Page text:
The lineup of films at this year’s Canadian Film Fest shows off the broad range of talent in this country, and the partnership with Super Channel means that Canadians can celebrate homegrown cinema easily and safely.
Get excited because starting Thursday, April 1 and running for three consecutive weekends, nine feature films will premiere on Super Channel Fuse on Thursdays, Fridays, and Saturdays at 9 p.m. ET/PT. In addition, 30 short films from the CFF will be interspersed into the schedule around the feature film presentations for viewers to enjoy as part of the film festival experience. There are panel discussions and incredible FREE masterclasses too! Sink into this vibrant community of creatives and let your imagination soar.
“As we come into the 15th anniversary of the Festival, I’m excited to share this programming across Canada together with Super Channel. With such a strong selection of captivating Canadian stories to present this year, including seven World Premieres and four Canadian Premieres, we have plenty of Canada to celebrate,” said Ashleigh Rains, Festival Director, Canadian Film Fest.
The Festival will kick off with the Toronto premiere of Sugar Daddy (dir. Wendy Morgan), starring Kelly McCormack (Letterkenny, A Simple Favour) and Colm Feore (The Umbrella Academy, Sensitive Skin, The Borgias), which follows a young talented musician who signs up to a paid dating website which takes her down a dark path – and her music along with it.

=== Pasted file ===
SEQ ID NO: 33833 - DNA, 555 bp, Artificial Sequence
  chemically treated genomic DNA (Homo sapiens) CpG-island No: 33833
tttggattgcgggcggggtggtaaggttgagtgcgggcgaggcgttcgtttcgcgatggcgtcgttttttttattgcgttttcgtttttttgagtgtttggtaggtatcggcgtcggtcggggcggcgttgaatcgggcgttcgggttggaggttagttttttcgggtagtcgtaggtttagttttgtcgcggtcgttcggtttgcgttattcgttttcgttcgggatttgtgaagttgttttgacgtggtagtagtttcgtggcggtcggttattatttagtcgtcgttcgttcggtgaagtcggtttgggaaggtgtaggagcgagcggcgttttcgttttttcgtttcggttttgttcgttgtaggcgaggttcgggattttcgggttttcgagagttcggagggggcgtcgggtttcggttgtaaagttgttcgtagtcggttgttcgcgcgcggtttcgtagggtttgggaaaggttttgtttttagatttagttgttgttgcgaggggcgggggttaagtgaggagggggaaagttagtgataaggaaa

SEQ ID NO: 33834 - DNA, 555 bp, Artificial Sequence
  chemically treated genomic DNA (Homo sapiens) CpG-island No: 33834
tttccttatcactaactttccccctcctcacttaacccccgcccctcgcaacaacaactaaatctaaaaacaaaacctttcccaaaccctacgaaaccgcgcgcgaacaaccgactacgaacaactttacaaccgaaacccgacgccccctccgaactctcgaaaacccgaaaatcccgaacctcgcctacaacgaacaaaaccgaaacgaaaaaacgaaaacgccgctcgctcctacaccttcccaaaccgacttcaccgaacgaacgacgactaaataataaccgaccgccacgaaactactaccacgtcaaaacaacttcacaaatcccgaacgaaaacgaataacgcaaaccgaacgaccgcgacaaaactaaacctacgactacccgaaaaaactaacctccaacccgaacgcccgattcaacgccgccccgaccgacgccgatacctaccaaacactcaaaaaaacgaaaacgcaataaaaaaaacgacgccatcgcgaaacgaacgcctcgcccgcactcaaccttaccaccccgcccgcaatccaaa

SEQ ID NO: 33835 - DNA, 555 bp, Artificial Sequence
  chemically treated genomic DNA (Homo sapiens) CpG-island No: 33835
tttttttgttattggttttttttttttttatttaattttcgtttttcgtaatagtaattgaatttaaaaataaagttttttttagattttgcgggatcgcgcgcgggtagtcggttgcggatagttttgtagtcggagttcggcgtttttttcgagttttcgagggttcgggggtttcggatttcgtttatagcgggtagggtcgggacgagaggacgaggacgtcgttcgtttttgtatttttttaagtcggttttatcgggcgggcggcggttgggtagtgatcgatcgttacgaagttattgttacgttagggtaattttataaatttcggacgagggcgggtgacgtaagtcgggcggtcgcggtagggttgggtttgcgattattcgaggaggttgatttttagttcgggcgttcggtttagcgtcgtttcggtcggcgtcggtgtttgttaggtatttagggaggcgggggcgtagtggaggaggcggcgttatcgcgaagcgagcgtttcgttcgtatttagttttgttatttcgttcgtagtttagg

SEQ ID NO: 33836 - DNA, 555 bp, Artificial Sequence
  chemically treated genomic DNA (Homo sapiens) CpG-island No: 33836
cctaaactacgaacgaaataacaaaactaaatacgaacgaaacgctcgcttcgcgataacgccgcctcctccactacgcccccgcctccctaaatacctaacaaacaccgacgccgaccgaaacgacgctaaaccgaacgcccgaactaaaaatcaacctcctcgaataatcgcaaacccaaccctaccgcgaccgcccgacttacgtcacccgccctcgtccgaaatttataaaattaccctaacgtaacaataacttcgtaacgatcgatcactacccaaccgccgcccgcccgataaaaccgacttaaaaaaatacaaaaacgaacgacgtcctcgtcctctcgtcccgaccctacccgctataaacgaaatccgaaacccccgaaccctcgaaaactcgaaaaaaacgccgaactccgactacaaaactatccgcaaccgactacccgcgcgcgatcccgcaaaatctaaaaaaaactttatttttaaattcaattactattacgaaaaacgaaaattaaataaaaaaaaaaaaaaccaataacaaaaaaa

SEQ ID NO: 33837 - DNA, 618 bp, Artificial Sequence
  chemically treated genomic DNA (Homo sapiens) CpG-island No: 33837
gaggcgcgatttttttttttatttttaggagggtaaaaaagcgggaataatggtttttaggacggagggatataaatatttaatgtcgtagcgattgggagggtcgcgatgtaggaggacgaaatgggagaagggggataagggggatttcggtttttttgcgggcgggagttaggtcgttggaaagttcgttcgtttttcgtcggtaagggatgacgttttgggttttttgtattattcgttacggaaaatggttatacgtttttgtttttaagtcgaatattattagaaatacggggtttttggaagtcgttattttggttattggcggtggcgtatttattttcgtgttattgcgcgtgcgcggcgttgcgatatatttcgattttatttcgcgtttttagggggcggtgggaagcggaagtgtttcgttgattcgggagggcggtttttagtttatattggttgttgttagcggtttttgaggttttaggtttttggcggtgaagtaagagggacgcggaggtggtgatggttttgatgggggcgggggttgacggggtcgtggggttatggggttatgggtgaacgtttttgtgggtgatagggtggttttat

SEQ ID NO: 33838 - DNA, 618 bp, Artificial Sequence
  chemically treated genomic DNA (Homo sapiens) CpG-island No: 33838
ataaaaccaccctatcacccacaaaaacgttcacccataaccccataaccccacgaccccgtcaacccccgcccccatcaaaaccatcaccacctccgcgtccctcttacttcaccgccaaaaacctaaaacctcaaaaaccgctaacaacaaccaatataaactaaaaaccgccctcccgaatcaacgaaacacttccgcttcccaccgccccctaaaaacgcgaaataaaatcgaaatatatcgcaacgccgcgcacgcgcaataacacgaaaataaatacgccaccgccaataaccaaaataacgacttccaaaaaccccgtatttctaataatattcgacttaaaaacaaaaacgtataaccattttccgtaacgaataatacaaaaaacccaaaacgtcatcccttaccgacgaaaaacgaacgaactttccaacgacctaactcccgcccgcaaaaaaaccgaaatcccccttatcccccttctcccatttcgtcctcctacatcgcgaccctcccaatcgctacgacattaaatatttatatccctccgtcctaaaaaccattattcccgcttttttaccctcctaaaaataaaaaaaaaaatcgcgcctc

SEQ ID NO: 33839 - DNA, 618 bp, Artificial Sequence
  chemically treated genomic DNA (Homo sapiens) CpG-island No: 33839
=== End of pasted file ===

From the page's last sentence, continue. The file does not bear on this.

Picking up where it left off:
Other films on our list include White Elephant (dir. Andrew Chung), in 1990s Scarborough a teenaged girl is torn between a crush and her friends, and her quest for love becomes a question of self-love; Between Waves (dir. Virginia Abramovich), a sci-fi tale of a woman straddling a fine line between enlightenment and madness when her presumed-dead quantum physicist lover who pleads for her to join him in a parallel plane; The Corruption of Divine Providence (dir. Jeremy Torrie), which focuses on the mysterious disappearance and reappearance of a teenaged Métis girl in a small northern town; Woman in Car (dir. Vanya Rose), starring Hélène Joy (Murdoch Mysteries, Durham County) as a woman who struggles to keep her secrets hidden, in a story that explores issues of class, family, desire, and deception.
For emerging filmmakers and writers, the Canadian Film Fest is a terrific entry point to understanding the scope of the industry, and the key players in it. For movie-loving Canadians, it’s an opportunity to be entertained and inspired by the indie films that bring so much texture and value to our lives.